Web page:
Your Dollars At Work
Your taxes fund the operation of the Natchez Trace Parkway. As expenses to maintain and staff the Parkway increase each year, government funding is unable to keep up. Many National Park sites collect entrance fees. The Natchez Trace Parkway does not. Through the Recreational Fee Demonstration Program, National Park sites that collect entrance fees keep 80% of what they collect. The other 20% is made available to those parks, like the Natchez Trace Parkway, that collect few or no entrance fees. In 2010, the Natchez Trace Parkway is using some of this funding to replace and upgrade directional and entrance signage for the Parkway. This new signage will improve the Parkway driving experience. Your donations help to fund special events, and other visitor services. To learn more what you can do, please visit our donate page.
American Recovery and Reinvestment Act (ARRA)
The Recovery Act was signed into law by President Obama on February 17, 2009.
Federal money from the American Recovery and Reinvestment Act has provided the Natchez Trace Parkway the funds necessary to rehabilitate the Meriwether Lewis Site, at milepost 385.9. This major undertaking at the 900-acre developed site will include a wide range of improvements including rehabilitation of the interpretive cabin, new interpretive and wayside exhibits along with new directional and informational signage, rehabilitation and modernization of site utility systems, renovation of visitor use facilities for universal accessibility, and improvements to roads and site parking. For more information please see the news section of our web site.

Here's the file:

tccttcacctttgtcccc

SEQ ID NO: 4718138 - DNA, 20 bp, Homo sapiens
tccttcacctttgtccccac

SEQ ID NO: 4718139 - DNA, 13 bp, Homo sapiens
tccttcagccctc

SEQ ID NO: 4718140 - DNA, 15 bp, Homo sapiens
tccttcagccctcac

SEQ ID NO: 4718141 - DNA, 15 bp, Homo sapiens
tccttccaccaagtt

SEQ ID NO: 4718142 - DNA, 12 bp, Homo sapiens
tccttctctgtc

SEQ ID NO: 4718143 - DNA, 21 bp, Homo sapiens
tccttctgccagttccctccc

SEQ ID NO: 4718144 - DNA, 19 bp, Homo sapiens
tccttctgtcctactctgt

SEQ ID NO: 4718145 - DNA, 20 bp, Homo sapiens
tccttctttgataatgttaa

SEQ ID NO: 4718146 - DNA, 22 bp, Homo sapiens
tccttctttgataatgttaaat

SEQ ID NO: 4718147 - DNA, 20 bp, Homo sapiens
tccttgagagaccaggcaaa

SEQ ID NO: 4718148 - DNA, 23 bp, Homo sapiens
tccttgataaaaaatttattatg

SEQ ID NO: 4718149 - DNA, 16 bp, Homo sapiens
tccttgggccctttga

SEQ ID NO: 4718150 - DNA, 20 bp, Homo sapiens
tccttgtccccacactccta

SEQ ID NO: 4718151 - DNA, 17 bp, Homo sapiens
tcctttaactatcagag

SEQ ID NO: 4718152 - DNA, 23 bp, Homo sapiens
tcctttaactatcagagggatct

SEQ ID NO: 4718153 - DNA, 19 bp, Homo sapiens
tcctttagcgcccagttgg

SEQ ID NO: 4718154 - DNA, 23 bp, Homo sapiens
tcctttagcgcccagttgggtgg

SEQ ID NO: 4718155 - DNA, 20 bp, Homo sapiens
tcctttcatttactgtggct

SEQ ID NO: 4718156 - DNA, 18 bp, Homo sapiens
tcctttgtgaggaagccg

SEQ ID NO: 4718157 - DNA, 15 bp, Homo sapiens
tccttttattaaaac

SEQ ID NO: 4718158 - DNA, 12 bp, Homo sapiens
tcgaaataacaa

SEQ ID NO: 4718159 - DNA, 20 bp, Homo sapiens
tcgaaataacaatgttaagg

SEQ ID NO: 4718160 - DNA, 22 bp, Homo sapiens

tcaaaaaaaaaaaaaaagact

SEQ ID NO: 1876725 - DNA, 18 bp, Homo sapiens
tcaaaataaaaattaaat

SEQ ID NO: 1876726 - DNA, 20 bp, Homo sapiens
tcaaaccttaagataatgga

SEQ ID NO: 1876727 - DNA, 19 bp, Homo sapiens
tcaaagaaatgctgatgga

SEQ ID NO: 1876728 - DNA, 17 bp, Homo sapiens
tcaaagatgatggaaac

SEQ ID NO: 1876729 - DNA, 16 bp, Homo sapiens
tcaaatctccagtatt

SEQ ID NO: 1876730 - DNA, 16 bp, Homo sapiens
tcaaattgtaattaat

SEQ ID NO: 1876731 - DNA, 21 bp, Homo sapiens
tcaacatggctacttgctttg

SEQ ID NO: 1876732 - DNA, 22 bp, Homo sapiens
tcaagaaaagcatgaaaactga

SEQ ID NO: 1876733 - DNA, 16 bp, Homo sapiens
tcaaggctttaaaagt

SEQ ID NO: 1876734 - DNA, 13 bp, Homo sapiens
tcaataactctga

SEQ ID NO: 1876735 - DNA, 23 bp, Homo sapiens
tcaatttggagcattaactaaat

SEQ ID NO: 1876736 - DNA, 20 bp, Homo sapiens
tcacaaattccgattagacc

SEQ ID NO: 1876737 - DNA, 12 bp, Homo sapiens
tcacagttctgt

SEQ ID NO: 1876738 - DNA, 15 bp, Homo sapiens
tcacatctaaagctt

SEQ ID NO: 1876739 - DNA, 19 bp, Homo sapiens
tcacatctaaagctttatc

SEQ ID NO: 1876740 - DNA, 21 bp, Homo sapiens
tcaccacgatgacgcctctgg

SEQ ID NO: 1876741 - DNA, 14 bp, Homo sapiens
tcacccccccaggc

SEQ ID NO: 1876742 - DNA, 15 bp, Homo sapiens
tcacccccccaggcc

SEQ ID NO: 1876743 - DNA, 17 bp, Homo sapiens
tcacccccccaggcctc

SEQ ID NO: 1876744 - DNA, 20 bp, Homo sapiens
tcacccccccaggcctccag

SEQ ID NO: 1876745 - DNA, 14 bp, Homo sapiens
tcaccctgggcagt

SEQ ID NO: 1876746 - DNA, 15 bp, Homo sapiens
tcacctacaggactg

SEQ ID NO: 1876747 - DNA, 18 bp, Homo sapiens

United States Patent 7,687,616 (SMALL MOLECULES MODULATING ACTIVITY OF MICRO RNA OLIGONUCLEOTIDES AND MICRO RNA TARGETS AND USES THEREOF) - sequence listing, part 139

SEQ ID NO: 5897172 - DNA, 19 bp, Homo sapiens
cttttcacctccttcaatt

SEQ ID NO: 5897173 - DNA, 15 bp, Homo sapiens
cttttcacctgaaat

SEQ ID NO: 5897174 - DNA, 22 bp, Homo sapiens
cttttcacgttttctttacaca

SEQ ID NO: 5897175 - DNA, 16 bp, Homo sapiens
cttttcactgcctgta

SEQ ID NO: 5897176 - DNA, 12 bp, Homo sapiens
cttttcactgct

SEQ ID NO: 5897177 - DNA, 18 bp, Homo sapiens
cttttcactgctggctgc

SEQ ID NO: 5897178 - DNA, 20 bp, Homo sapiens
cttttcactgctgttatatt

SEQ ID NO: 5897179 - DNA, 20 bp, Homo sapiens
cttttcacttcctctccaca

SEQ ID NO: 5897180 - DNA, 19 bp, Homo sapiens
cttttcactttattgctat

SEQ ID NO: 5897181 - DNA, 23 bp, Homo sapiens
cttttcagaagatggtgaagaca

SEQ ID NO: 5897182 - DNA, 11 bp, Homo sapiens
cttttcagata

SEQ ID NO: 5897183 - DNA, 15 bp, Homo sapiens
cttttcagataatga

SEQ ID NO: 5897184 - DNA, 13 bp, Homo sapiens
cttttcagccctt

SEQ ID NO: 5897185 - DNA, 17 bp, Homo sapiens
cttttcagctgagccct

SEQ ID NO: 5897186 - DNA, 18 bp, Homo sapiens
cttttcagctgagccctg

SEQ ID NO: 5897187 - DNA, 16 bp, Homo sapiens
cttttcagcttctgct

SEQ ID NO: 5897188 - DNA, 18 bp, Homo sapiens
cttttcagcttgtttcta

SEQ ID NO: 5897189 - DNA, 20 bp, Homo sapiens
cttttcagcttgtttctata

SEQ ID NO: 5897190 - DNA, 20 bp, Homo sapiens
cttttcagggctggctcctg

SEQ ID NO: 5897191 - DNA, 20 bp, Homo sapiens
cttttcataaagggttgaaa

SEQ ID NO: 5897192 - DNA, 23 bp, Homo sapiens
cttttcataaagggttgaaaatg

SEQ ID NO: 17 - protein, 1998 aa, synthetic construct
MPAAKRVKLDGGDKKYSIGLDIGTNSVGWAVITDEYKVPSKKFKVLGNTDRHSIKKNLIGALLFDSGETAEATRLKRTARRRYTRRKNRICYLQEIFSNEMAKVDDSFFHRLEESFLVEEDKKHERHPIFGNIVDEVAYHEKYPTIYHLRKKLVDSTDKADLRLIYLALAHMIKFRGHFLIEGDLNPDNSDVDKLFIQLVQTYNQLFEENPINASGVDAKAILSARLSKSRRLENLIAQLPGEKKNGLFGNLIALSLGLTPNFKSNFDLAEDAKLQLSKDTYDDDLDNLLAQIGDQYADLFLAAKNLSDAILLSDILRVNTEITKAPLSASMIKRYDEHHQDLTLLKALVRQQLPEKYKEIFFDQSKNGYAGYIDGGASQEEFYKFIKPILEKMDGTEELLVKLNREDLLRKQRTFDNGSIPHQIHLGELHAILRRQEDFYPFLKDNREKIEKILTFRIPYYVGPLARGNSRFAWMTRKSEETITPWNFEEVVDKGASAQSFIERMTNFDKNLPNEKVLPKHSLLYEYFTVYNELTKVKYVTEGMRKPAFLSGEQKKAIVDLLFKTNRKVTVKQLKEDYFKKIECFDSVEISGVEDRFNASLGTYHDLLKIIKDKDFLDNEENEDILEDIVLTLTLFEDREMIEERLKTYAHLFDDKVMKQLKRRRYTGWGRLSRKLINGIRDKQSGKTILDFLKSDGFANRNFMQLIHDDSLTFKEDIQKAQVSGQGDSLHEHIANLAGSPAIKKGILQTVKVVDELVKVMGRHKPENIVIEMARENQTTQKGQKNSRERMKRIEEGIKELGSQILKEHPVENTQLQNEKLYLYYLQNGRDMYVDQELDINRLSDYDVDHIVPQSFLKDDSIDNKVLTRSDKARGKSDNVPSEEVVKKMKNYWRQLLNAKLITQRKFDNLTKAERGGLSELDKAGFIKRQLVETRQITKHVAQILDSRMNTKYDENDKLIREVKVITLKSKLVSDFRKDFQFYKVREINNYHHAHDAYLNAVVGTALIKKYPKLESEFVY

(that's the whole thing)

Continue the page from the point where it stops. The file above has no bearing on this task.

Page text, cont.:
Two other projects were funded on the Natchez Trace Parkway using ARRA funding. Approximately 56 miles (milepost 101 to 130, and milepost 160 to 187) of the Parkway motor road in Mississippi were restriped to improve visibility and safety for the visitor.
The remaining project is to replace the aging water distribution system at the Parkway Visitor Center and Headquarters (milepost 266) near Tupelo, Mississippi. Existing waterlines were placed in the 1960's and are causing significant maintenance problems.
To learn more about other National Park Service projects funded by the American Recovery and Reinvestment Act, please visit recovery.gov.